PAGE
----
Thursday, June 1, 2017

Review: A Gentleman in Moscow by Amor Towles

If I told you a book was about a man sentenced to more than thirty years of house arrest in a hotel in Moscow, would you ever imagine that it could hold your attention for 462 pages?  I wasn't sure it would hold my attention that long either.  But this is exactly what Amor Towles has accomplished with his beautifully written, surprisingly engaging, and historically expansive novel, A Gentleman in Moscow.

Count Alexander Rostov is a gentleman, a bona fide aristocrat, and poet newly returned from exile when he is called into a Moscow court in 1922. Spared a death sentence, he is instead declared a "former person" and sentenced to house arrest in the grand Hotel Metropol just around the corner from the Kremlin, the hotel in which he's been living. Stepping a toe outside the hotel will violate his sentence and he will be summarily shot. So begins the Count's long incarceration inside the mostly unchanging world of this premier luxury hotel, a place that weathers all of the changes of the outside world by maintaining its status as the preferred place for those in power to congregate and for foreign diplomats and press to experience a Soviet life no longer truly available outside of its confines. And while many people would consider it a terrible thing to be confined to the hotel, the Count accepts his sentence with amazing equanimity. In fact, he goes on to build a full and surprisingly busy life. He meets and befriends a whole cast of people, from the high party official in the KGB to the young daughter of a guest to the hotel's seamstress and chef and everyone in between. The Count is proper, diplomatic, and respected and he is respectful of all those he comes in contact with, with one exception which provides a big piece of the narrative tension of the novel. From his vantage point in the hotel, he has a side view seat (rather than front row) to the political happenings going on outside its four walls. Ironically, he faces less hardship than almost anyone else in his orbit because of his situation. And he is lucky enough to find love and friendship and loyalty all in his genteel imprisonment although he also has to contend with the sadness of never being able to leave the hotel, that of the need, for good or ill, to wait for people to come to him and the idea that they could disappear out of his life without a trace (although this latter was no less true of the rest of the country as well).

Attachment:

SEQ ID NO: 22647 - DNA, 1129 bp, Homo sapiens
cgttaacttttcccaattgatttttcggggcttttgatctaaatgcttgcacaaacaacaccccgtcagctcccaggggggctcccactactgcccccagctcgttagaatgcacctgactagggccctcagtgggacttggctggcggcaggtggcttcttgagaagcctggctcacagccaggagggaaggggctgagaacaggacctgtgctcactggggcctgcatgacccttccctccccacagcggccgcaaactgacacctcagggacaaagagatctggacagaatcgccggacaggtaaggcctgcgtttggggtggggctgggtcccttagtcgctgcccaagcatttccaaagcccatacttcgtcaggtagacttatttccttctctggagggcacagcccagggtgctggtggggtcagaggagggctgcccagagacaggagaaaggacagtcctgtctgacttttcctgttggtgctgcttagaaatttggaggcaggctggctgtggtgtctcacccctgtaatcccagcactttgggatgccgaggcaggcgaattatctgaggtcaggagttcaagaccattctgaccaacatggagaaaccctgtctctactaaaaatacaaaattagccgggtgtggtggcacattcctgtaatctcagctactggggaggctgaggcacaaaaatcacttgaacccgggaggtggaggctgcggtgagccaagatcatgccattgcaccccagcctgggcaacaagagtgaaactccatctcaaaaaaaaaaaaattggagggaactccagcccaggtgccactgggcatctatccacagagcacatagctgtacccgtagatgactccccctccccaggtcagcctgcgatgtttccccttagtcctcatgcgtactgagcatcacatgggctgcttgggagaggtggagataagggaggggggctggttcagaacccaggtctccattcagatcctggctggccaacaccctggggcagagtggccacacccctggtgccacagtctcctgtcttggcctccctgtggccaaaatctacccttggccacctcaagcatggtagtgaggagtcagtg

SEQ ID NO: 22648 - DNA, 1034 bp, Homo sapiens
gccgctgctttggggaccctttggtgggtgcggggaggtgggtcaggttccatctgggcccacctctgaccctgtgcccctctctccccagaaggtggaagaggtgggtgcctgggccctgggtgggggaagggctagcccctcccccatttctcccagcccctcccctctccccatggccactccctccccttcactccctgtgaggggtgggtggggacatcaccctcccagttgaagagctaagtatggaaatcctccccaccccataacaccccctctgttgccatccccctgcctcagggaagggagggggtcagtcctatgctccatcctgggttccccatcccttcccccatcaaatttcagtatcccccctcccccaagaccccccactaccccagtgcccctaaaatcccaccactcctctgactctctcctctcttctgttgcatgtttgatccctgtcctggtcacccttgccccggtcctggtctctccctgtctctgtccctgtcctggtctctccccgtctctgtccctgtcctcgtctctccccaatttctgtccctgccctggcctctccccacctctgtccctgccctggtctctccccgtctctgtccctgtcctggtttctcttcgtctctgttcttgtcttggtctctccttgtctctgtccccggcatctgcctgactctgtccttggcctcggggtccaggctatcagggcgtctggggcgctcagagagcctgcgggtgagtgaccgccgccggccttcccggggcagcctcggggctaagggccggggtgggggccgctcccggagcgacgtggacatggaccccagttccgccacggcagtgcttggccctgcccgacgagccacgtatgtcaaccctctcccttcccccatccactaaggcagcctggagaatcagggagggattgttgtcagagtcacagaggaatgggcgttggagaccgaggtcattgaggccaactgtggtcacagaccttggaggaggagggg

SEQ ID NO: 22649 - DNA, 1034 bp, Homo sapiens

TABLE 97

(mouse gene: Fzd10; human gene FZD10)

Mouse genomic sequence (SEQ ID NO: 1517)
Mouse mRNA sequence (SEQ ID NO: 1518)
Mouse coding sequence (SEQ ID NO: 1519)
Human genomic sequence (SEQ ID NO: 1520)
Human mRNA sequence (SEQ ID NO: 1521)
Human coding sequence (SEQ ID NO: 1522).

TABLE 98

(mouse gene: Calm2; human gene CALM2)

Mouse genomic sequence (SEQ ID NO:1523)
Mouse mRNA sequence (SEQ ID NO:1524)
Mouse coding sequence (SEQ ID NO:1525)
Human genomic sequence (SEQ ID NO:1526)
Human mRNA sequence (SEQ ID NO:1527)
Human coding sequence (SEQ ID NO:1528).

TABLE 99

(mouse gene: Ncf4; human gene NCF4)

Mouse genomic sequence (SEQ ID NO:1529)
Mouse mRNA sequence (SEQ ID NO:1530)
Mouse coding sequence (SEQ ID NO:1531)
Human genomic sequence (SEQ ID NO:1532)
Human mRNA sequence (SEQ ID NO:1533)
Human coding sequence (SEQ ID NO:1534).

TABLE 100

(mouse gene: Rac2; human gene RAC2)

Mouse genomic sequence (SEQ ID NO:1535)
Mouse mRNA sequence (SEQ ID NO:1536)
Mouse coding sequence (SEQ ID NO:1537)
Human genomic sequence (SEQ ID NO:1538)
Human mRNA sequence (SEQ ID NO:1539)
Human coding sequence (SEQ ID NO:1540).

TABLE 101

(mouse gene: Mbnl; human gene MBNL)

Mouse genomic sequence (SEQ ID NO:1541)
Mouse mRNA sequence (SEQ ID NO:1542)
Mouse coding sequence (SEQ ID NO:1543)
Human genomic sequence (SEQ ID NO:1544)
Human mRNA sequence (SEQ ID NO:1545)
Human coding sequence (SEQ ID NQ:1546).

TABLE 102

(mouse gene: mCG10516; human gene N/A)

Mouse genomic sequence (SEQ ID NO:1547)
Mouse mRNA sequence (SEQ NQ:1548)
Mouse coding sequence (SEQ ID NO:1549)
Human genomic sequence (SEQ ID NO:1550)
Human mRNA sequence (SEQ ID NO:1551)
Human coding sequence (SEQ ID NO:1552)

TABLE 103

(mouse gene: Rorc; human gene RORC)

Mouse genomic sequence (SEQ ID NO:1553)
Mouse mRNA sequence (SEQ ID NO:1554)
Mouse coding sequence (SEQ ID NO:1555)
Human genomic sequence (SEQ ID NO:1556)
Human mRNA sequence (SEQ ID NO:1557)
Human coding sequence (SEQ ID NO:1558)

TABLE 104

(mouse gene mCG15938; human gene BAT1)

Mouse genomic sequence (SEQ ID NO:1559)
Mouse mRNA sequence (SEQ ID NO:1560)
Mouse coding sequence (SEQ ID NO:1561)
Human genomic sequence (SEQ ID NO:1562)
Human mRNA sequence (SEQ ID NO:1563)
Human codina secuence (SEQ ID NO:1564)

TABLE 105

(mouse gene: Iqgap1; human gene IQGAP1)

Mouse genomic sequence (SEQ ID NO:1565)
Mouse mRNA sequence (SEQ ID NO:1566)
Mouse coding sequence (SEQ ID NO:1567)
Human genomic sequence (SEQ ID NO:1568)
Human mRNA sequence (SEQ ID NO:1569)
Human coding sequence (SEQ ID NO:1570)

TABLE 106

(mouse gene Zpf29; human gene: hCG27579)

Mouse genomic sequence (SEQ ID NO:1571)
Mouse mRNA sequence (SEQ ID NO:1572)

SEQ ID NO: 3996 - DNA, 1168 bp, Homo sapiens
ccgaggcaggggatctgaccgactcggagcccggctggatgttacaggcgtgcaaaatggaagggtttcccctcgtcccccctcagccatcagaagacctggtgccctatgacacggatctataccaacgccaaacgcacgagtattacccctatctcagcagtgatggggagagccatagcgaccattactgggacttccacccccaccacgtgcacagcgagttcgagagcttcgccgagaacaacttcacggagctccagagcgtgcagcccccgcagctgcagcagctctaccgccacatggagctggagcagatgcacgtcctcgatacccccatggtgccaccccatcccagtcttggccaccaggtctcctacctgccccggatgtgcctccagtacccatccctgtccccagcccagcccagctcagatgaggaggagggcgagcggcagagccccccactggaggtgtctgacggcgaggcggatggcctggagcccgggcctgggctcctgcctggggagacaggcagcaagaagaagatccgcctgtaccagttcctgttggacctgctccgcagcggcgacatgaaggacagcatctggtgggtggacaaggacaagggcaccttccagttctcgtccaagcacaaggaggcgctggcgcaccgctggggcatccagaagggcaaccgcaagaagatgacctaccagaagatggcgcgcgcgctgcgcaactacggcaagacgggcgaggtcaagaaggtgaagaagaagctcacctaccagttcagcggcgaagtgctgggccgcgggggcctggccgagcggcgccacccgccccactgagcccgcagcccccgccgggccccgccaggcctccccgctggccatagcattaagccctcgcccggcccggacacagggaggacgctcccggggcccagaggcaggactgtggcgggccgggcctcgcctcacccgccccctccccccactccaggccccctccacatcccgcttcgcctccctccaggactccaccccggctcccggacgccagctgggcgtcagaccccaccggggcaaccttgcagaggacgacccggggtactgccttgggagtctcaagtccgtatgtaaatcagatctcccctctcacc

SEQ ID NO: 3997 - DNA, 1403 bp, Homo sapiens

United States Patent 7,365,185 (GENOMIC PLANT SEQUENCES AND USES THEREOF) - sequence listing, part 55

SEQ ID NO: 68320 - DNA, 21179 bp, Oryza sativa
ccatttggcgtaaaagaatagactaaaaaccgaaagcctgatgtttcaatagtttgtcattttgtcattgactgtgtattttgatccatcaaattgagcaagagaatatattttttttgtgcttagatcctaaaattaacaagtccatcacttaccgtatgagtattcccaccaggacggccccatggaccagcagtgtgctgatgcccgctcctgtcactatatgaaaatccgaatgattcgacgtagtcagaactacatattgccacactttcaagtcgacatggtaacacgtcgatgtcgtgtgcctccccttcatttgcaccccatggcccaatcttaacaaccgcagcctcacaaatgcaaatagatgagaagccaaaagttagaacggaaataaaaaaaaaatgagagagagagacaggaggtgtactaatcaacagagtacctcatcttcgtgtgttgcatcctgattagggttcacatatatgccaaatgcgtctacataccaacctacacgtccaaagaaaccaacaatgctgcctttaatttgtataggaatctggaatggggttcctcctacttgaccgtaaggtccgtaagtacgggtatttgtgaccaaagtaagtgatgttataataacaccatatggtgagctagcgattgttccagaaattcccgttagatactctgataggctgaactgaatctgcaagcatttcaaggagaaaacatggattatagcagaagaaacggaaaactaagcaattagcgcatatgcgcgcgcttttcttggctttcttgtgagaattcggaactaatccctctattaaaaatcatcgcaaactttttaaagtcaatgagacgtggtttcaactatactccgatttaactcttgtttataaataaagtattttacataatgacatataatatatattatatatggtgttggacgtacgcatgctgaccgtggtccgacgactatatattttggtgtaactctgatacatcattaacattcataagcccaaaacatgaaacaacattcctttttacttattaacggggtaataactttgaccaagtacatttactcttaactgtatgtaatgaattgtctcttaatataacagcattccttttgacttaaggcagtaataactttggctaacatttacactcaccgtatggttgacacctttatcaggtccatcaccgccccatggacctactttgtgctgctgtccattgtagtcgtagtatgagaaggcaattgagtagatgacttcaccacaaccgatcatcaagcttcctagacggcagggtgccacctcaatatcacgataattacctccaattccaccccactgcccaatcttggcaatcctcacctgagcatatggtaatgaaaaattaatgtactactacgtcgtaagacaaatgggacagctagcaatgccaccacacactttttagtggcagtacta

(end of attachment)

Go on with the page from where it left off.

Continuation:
The novel is very much character driven, but what a delightful character he is. Even in his diminished surroundings, he maintains an air of curiousity and interest in the goings on of others. He finds a way to safely thumb his nose at any perceived deprivations and to mock the excesses of the Bolsheviks, even as he mourns the impact on those for whom he cares deeply. The story is deceptive in that it is about more than one man, offering a distilled look at Russian and Soviet history from the Revolution to the 1950s. The pacing of the novel is slow but consistent and the reader is happy to luxuriate in the careful and sometimes clever turns of phrase of which Towles makes great use. The language is thoughtful and perfectly chosen. There are charming bits of fluff (exploring the hidden parts of the hotel is just one example) interspersed into the story to keep it light and touching. The over all feel is one of time forgotten, elegant and enchanting. Although not as expansive in place as most classic Russian novels, the book is a beautifully crafted homage of sorts with its large cast of characters, the proximity of the political and the personal, the abiding love for country, and the constant, immutable sense of honor in the main character. If you choose to sink into the Count's world, it will be time well spent.

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